CIO dinner: talking the latest tech and a growing appetite for hyper-personalisation


CIO dinner attendees revealed that a move towards hyper-personalisation will take precedence over flash-in-the-pan technologies.

Top IT leaders gathered for an intimate dinner and fine dining experience at Séjour restaurant on 19 March at the Houghton Hotel. It was an opportunity for CIOs to discuss the latest tech trends keeping them awake at night.

A smarter, connected and intelligent world

Three things sat on one guest’s tech menu: a smarter, connected and intelligent world that we’re trending towards from a technology perspective. “When I talk about a smarter world, I’m referring to the multimodal interactions that are already happening,” they said. “Looking forward, it’s actually going to be a given that all the interactions like gestures, voice, text or speech will be very multimodal from a user interaction perspective.”

In terms of the client experience, they continued, that multimodal aspect will slowly become the norm, and standard across industries.

“In a deeply connected environment, I’m referring to the data behind everything: there’s a part about the ambient experience, and those ambient experiences will deepen in the way that we operate. Regardless of whether you’re in the physical world or virtual world [augmented reality], on whatever device you’re on, those experiences will become ambient, meaning that they’ll be interchangeable between any channel, device or reality, and will be a smooth transition from one to the other,” they added. In other words, users can transition from their apps to their laptops or even into the metaverse.

For another guest, the sheer computing power required going forward will require cloud computing, which they believe will exponentially grow in a very integrated technology world.

“There’s even more data required – call it ‘data plus everything else’ – and you need to compute all of that to deliver a personalised experience. I’m mentioning this, because it explains what will be required before we enter a conversation about personalisation, and organisations need to think about how they can set themselves up to take advantage of it – the fundamental building blocks,” they commented.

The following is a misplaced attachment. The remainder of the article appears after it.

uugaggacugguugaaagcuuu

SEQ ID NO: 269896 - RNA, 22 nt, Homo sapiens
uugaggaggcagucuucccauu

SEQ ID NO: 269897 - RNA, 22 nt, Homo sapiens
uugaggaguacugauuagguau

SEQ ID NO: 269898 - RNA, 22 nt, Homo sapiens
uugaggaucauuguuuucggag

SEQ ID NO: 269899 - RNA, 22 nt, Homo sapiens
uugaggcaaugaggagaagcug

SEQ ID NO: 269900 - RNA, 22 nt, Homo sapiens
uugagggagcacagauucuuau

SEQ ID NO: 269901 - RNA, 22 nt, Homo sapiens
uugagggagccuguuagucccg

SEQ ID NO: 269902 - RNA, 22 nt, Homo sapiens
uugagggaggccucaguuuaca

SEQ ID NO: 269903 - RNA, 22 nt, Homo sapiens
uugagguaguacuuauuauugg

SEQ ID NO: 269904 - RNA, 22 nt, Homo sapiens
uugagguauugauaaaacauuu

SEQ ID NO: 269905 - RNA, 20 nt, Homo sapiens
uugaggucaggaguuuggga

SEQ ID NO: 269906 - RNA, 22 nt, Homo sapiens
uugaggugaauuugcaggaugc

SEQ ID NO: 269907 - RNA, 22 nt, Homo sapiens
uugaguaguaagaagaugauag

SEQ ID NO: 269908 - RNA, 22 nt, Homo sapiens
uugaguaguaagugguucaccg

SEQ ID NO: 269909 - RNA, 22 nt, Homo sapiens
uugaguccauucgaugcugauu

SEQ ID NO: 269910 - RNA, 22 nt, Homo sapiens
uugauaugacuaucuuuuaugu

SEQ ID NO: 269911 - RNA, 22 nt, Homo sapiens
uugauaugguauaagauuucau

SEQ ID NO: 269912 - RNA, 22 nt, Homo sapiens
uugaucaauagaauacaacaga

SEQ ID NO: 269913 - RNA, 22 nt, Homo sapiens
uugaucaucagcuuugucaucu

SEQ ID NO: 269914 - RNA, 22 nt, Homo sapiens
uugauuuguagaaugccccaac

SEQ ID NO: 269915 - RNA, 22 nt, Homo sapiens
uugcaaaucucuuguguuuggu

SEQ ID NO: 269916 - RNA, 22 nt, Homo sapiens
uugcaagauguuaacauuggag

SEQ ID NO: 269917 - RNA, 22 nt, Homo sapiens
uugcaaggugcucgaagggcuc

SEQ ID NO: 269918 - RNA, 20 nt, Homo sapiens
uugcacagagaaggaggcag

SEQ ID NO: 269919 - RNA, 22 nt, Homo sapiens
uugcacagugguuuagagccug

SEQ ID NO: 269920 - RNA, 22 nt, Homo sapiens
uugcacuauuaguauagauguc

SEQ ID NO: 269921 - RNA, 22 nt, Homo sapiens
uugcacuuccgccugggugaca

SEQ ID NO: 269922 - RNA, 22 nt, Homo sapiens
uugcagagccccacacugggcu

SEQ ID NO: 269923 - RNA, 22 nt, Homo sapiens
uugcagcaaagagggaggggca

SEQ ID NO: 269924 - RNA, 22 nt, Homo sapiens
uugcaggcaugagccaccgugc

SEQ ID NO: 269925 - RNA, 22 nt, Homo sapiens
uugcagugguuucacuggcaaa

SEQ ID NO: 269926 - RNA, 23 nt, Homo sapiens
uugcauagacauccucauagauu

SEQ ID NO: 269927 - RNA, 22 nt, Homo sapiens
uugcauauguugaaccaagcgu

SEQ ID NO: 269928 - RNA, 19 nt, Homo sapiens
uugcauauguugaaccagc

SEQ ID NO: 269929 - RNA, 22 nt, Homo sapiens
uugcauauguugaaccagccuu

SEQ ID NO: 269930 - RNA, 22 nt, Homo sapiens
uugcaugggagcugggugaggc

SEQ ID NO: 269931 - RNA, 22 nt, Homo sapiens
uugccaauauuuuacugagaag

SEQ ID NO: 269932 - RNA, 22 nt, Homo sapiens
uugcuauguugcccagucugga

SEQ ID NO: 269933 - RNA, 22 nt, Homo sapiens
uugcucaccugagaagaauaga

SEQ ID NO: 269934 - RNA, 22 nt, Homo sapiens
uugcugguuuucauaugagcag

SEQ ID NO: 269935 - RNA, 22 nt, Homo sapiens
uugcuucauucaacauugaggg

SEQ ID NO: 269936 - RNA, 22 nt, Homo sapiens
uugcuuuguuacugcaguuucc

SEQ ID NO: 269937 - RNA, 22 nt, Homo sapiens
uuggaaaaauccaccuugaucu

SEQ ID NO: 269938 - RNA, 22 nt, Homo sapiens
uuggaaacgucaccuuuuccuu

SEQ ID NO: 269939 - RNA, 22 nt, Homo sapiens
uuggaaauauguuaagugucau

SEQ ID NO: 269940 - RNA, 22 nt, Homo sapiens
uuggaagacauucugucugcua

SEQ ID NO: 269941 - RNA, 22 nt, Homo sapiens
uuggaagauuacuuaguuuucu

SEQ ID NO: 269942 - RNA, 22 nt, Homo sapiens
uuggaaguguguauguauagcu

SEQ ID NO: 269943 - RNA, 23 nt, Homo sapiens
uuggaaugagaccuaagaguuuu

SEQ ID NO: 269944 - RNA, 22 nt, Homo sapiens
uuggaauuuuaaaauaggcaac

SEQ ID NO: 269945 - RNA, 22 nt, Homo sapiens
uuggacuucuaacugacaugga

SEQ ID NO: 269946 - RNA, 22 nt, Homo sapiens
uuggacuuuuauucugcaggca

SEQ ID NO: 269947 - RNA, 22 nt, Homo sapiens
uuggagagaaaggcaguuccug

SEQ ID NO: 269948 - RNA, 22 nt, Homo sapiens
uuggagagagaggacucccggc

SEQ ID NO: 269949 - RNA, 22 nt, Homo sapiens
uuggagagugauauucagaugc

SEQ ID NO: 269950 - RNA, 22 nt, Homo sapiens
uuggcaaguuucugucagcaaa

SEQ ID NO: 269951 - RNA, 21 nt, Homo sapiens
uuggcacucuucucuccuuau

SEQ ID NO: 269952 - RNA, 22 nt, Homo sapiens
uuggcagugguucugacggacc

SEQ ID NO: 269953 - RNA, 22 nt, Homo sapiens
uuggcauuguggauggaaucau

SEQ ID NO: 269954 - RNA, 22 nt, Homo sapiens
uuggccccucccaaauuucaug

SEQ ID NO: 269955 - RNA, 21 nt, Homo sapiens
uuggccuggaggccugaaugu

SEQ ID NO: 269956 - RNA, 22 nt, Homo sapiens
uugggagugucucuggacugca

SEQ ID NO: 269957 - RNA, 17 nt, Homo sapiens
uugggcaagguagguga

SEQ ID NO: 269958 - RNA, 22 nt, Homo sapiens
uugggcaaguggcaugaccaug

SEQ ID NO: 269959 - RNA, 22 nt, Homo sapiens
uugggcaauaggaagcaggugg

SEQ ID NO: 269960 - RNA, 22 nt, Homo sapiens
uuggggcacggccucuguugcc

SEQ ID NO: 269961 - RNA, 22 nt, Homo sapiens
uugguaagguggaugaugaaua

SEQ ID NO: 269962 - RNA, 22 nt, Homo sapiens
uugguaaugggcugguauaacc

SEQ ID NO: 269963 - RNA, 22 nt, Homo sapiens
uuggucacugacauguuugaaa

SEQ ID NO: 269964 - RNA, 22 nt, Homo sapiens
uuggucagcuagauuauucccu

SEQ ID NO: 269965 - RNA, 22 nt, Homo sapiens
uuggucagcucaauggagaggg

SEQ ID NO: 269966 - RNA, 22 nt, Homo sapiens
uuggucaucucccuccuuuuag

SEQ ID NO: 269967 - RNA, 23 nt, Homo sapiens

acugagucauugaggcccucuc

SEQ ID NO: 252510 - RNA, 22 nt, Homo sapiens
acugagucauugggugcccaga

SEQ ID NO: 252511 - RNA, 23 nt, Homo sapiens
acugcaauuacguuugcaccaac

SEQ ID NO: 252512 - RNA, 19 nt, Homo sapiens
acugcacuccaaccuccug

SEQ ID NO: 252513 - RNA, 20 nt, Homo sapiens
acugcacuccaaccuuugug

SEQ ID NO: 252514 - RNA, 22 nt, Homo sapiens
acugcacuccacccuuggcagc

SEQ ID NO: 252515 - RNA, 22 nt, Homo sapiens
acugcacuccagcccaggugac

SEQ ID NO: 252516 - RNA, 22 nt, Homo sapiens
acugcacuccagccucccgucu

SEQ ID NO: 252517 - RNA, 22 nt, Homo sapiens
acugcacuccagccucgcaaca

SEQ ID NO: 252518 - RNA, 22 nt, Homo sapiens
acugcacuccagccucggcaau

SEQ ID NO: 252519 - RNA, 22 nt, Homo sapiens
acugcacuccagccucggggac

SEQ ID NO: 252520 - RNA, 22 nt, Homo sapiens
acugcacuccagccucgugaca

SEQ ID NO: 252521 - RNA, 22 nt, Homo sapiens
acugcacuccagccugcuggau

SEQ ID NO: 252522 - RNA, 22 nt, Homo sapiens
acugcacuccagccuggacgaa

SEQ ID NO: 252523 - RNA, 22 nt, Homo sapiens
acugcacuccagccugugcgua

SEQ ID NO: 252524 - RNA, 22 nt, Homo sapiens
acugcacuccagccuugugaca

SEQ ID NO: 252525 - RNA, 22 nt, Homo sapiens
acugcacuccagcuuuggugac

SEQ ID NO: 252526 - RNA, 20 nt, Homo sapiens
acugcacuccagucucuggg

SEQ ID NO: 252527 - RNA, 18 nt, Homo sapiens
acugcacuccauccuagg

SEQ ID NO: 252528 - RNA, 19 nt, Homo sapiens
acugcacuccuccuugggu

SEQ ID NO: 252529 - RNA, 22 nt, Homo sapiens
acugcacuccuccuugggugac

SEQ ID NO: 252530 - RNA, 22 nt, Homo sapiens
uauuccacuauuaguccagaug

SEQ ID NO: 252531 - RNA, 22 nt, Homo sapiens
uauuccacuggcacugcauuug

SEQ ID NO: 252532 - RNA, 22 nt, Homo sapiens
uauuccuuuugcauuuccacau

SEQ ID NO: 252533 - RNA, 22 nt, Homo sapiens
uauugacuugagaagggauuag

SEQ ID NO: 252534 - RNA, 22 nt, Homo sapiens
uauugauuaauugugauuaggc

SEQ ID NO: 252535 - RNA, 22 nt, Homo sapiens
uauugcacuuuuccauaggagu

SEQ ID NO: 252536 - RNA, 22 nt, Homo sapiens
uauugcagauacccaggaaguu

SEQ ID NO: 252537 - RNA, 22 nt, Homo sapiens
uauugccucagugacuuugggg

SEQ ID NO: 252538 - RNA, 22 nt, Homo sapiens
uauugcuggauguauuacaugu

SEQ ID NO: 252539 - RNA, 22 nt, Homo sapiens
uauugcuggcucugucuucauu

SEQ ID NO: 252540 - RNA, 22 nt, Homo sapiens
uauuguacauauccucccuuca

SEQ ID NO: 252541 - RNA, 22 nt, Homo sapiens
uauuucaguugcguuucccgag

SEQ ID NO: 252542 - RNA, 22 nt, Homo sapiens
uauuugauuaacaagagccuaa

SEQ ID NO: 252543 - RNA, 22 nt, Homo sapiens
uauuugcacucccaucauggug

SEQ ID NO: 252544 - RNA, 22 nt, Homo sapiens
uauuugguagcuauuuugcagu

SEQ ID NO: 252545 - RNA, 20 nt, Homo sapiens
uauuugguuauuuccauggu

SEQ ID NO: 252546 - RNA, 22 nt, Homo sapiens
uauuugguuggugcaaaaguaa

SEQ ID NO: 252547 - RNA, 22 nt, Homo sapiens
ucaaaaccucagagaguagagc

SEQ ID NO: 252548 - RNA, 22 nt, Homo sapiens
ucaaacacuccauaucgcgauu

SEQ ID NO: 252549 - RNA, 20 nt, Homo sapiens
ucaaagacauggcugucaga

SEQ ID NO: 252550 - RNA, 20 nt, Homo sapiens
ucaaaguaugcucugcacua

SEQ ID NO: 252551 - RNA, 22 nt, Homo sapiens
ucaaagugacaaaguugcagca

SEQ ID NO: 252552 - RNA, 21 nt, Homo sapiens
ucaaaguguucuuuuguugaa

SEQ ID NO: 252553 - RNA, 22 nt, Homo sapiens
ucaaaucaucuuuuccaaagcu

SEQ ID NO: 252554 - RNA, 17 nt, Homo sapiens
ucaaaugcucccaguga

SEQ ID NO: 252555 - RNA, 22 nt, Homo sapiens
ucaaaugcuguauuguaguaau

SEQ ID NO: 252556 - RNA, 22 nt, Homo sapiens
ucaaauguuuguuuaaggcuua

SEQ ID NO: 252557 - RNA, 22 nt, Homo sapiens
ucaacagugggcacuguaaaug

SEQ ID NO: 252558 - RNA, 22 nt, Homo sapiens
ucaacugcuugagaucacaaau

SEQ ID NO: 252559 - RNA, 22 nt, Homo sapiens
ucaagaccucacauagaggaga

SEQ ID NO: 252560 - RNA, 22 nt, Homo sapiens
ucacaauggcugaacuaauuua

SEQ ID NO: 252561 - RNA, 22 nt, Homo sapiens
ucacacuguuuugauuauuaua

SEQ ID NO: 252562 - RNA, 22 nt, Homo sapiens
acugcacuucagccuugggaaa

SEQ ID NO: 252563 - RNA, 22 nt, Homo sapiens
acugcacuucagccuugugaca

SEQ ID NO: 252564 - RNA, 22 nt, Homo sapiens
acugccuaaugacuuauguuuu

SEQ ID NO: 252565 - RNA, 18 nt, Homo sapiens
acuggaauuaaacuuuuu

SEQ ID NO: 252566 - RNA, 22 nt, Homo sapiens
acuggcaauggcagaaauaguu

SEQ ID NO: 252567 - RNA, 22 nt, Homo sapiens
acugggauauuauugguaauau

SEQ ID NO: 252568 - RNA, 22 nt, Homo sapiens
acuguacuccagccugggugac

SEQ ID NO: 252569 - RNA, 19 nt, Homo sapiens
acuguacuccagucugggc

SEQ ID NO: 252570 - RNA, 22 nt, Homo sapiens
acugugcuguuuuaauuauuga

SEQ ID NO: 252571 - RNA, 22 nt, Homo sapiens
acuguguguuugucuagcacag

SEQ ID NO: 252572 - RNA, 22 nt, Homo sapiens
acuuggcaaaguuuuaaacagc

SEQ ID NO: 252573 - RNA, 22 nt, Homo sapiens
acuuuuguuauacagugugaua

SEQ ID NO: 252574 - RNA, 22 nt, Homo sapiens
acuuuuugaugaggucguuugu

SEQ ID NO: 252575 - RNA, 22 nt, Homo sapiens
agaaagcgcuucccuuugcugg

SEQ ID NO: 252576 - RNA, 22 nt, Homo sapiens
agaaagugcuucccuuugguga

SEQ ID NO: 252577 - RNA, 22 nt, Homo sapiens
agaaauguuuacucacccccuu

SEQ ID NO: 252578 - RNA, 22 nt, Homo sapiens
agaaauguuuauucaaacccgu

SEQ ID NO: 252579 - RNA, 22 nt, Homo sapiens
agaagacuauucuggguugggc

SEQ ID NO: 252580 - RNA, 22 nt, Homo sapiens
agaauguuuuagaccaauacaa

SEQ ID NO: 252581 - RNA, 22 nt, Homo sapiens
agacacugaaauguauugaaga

The trust and security piece

Tech aside, they believed that the trust and security component will become paramount, because a lot of the technologies have become personalised to the extent that if you don’t wrap it around building trust between the organisation and the people or clients, it won’t work – trust is part of the major building blocks around enabling these technologies.

Another guest was of the view that the world will always solve tech and it’s now about figuring out how to embed these disruptive influences into how your business functions. “I fundamentally believe that tech solves itself, there are far too many smart people in the world not to solve tech, but it’s about how you convert technology in a way that it brings value to your people,” he said.

“The trouble is, I’m not landing in a place where the two worlds collide – technology and value-add to the organisation – which is an important thing to solve. It speaks to making fundamental operating model changes and turning them upside down, while also considering that organisations don’t turn on a dime.”

Bringing things a little closer to home, one guest used his own children as an example of how they are already engaging with technology like generative AI, using ChatGPT/GPT4 for their school work, and witnessing how it has changed or influenced behaviours, something the guest is not completely convinced is a good thing.